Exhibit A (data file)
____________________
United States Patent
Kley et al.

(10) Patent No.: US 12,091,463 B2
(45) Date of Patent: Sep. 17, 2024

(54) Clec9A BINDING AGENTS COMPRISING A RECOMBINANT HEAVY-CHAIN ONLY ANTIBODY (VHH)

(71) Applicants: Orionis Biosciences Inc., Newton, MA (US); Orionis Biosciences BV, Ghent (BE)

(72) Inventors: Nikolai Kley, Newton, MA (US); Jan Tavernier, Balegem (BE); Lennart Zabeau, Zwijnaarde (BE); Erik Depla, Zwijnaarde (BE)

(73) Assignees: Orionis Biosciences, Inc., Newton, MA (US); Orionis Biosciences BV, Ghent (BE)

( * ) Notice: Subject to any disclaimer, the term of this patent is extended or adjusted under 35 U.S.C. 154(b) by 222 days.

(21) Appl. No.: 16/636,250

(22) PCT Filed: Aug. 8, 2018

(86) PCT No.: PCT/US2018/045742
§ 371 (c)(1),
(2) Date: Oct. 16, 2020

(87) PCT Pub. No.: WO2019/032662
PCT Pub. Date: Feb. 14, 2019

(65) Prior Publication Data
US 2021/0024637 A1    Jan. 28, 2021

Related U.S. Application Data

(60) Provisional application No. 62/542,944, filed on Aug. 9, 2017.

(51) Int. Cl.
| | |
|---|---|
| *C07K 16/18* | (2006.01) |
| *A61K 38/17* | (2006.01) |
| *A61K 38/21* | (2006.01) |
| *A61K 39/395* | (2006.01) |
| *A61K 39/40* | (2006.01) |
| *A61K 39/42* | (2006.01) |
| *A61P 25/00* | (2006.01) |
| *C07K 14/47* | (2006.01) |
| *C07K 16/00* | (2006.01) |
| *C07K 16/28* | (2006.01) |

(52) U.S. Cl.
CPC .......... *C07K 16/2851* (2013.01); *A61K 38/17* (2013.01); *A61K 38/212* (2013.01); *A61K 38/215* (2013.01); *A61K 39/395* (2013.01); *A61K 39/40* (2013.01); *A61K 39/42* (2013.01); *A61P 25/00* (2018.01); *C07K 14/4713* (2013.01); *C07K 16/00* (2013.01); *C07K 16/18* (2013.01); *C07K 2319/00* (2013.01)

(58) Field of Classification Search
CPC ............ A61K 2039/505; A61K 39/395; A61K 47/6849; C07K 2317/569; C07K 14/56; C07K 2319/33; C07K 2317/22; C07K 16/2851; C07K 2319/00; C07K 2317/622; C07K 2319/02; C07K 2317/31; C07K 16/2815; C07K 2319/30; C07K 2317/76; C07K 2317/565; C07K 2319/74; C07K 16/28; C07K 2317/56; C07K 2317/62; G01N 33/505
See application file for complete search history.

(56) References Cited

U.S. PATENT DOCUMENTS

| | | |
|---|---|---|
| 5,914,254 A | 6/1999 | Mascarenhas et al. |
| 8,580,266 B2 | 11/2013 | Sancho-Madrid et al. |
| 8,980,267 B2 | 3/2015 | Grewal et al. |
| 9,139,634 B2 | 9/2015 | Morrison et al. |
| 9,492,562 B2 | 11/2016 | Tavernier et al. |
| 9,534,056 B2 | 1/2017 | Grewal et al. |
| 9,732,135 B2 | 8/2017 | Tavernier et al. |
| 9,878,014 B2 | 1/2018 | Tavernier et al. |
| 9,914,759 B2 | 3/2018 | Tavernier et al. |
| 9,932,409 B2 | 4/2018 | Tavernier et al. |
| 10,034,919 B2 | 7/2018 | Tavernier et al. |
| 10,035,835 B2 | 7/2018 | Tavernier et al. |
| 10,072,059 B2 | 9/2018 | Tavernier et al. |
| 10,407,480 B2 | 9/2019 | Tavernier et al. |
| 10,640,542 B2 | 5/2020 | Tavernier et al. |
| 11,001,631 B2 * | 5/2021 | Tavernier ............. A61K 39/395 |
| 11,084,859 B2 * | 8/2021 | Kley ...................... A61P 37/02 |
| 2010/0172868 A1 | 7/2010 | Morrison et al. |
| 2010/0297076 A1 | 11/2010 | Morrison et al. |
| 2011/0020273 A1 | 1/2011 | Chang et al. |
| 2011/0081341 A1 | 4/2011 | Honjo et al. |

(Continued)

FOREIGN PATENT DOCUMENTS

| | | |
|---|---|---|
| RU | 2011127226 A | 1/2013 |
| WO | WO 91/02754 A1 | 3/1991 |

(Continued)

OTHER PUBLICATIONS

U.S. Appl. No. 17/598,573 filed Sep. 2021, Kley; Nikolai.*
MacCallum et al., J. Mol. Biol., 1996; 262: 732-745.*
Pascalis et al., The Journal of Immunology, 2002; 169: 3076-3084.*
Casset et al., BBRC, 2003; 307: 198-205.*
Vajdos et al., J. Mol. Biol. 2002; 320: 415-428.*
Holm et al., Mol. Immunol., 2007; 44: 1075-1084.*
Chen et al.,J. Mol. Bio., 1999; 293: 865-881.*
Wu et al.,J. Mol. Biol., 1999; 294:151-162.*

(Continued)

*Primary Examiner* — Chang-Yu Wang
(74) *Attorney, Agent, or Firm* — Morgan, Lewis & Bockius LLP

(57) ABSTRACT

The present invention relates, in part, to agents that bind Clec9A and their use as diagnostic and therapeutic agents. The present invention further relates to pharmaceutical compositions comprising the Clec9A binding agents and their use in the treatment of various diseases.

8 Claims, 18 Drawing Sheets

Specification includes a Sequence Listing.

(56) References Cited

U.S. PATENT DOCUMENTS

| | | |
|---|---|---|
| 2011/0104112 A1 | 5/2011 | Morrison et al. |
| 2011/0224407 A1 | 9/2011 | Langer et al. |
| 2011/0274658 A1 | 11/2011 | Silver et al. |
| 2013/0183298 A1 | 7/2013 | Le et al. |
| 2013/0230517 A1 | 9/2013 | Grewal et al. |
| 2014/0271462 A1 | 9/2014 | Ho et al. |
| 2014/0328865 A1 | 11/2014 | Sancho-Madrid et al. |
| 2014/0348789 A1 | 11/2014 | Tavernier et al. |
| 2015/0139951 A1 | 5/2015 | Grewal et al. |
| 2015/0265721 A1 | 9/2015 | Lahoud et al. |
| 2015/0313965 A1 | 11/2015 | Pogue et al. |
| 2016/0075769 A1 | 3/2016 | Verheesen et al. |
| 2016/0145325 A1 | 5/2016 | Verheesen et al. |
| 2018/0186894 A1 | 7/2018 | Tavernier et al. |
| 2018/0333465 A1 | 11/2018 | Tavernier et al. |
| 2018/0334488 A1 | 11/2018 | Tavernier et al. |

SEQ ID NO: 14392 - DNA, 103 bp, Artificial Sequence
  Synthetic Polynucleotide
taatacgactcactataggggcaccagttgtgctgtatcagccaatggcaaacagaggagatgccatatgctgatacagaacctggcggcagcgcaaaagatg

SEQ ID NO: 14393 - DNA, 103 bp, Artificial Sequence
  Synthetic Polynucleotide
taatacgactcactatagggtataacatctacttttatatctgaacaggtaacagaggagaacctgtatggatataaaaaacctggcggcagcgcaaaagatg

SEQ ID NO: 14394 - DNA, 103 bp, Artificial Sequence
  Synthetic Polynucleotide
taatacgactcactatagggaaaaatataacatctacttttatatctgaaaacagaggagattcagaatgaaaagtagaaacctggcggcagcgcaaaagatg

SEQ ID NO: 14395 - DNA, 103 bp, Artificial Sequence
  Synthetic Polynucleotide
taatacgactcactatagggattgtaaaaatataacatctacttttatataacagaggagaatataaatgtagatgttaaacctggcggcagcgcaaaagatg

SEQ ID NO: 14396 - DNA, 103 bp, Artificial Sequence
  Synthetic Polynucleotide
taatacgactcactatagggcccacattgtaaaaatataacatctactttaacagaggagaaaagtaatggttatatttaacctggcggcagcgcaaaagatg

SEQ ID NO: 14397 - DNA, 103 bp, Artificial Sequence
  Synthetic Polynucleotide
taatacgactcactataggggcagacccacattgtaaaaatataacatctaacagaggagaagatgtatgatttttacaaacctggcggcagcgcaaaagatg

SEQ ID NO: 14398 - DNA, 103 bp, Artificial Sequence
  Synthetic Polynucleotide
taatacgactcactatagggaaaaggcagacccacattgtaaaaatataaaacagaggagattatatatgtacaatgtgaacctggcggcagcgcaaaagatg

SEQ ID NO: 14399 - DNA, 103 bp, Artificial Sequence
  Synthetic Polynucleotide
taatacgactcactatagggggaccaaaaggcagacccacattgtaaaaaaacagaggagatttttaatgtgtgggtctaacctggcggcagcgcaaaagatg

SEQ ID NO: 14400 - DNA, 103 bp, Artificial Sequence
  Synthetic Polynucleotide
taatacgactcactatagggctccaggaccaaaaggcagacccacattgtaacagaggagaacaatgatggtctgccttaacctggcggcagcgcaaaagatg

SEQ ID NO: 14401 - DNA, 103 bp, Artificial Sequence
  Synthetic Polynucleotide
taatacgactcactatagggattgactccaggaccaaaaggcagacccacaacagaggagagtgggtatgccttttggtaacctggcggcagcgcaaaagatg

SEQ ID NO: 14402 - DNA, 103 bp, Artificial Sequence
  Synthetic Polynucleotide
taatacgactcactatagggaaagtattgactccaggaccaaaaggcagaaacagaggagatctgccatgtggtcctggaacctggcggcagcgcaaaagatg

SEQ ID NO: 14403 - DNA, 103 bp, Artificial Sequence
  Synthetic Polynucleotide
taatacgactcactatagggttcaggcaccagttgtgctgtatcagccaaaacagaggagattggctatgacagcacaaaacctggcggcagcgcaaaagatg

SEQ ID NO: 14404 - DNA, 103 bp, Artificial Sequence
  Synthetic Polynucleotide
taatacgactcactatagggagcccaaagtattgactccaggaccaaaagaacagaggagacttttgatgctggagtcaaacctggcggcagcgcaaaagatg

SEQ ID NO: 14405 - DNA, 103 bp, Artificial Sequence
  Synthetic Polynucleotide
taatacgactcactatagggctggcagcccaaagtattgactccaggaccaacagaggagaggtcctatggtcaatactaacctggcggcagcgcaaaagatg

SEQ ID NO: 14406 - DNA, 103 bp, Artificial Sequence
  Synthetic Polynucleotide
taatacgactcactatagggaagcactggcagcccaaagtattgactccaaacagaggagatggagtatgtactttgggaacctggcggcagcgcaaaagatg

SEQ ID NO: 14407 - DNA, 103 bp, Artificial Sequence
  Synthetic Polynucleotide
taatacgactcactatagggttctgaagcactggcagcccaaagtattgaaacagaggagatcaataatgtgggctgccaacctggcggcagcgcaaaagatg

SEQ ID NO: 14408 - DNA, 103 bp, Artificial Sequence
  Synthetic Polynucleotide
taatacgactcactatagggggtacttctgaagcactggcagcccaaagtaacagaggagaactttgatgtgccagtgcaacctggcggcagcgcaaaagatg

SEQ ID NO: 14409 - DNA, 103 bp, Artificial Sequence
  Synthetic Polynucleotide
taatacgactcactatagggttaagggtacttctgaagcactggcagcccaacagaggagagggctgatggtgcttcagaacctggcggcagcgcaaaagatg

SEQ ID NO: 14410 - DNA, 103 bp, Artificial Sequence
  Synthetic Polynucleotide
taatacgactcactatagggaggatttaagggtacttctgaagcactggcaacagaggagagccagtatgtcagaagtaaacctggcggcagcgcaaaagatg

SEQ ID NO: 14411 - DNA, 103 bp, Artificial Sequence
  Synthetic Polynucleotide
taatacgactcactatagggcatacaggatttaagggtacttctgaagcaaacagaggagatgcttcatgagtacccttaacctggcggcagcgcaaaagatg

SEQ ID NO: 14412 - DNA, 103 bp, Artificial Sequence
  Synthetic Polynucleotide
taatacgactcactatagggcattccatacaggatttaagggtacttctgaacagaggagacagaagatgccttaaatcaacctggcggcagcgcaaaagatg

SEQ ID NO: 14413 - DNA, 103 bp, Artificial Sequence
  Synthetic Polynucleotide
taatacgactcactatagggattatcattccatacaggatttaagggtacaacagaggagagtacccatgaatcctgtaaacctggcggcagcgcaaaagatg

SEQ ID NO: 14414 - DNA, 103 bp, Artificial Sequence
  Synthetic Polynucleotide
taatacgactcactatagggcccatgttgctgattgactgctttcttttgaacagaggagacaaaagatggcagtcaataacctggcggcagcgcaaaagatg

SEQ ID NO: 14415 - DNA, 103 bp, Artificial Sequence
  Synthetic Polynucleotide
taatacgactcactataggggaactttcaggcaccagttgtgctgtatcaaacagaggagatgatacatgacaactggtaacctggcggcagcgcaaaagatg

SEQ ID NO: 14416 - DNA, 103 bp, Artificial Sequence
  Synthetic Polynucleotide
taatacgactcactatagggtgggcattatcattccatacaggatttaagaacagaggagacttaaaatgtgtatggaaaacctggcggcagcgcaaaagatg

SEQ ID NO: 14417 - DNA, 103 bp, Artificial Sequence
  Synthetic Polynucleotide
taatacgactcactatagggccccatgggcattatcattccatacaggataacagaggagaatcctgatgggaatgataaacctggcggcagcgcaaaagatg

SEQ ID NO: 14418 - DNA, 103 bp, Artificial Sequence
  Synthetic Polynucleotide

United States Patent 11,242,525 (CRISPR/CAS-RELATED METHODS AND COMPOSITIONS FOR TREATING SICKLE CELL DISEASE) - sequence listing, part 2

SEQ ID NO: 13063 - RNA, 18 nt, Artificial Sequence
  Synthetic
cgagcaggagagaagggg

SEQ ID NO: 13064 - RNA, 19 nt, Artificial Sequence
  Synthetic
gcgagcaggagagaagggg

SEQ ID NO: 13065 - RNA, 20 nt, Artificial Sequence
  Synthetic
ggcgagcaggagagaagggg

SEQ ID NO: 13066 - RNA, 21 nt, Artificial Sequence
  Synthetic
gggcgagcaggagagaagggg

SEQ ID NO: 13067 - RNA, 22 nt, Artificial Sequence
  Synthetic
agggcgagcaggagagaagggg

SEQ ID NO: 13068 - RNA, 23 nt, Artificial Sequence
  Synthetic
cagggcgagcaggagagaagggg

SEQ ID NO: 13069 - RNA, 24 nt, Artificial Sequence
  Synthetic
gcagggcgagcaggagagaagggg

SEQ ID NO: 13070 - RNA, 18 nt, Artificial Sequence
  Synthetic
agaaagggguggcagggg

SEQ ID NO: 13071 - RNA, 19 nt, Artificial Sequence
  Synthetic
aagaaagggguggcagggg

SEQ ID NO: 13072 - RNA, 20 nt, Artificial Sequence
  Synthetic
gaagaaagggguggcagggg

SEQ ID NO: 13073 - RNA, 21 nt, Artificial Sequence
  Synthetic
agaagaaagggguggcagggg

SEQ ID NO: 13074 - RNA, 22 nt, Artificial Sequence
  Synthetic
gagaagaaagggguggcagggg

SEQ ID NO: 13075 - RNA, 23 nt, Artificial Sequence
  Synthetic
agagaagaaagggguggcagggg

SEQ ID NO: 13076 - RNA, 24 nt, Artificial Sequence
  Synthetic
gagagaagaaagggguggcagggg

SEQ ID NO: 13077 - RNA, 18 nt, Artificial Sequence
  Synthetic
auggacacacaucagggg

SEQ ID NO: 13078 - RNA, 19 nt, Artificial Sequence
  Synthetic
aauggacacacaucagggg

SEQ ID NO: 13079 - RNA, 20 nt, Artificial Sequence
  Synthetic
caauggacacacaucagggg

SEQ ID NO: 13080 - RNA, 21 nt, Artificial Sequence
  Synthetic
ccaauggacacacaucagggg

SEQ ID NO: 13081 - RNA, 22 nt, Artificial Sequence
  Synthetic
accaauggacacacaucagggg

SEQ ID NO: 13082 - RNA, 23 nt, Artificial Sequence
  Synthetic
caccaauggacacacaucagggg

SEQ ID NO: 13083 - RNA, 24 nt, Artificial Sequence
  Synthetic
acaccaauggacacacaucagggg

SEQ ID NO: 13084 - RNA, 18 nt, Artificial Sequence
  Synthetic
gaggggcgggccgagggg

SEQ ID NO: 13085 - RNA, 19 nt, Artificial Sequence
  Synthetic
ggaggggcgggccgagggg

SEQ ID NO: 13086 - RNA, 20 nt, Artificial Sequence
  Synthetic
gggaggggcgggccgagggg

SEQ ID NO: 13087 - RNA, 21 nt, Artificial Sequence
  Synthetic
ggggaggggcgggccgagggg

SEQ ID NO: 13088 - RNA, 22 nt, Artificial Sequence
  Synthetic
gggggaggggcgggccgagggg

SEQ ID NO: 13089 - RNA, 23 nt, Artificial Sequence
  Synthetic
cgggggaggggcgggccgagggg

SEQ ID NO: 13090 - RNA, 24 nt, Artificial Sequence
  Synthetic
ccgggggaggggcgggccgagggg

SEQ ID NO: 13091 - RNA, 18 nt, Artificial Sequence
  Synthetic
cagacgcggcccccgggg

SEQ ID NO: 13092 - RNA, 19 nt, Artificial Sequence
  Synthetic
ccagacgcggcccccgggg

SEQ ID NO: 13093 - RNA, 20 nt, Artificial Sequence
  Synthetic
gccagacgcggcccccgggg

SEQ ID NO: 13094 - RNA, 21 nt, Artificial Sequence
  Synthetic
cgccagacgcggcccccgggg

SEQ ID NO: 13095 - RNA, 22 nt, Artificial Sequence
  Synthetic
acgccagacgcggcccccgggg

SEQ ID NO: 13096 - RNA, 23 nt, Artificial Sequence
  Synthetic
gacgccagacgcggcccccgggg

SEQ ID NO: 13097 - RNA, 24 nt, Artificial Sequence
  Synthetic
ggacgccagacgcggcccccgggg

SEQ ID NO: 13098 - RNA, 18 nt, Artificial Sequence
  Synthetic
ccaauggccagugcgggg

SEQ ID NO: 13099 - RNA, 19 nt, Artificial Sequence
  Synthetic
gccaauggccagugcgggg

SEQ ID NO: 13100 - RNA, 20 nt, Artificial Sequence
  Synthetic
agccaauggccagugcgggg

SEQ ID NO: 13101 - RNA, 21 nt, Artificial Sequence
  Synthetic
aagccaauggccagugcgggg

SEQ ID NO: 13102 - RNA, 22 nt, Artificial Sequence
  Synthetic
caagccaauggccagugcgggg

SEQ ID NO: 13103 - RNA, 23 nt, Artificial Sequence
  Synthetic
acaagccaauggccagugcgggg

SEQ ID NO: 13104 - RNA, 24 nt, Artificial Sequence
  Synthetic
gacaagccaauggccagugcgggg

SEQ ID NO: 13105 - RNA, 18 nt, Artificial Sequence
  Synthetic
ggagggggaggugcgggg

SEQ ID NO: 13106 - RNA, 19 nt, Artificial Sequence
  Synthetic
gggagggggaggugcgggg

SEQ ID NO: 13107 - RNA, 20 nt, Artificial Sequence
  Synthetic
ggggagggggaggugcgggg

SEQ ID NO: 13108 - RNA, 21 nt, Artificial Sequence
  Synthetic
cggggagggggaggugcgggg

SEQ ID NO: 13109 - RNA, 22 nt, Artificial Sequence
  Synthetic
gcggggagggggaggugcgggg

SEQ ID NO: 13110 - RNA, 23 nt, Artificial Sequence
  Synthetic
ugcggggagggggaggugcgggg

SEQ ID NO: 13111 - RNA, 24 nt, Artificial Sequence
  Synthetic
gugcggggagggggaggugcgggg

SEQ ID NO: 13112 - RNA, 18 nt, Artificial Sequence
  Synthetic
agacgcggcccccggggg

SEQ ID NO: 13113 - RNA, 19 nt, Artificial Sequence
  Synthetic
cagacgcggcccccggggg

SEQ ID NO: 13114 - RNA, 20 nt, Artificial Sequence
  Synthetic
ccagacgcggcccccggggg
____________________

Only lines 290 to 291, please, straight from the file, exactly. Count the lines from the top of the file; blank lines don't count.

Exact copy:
SEQ ID NO: 13097 - RNA, 24 nt, Artificial Sequence
  Synthetic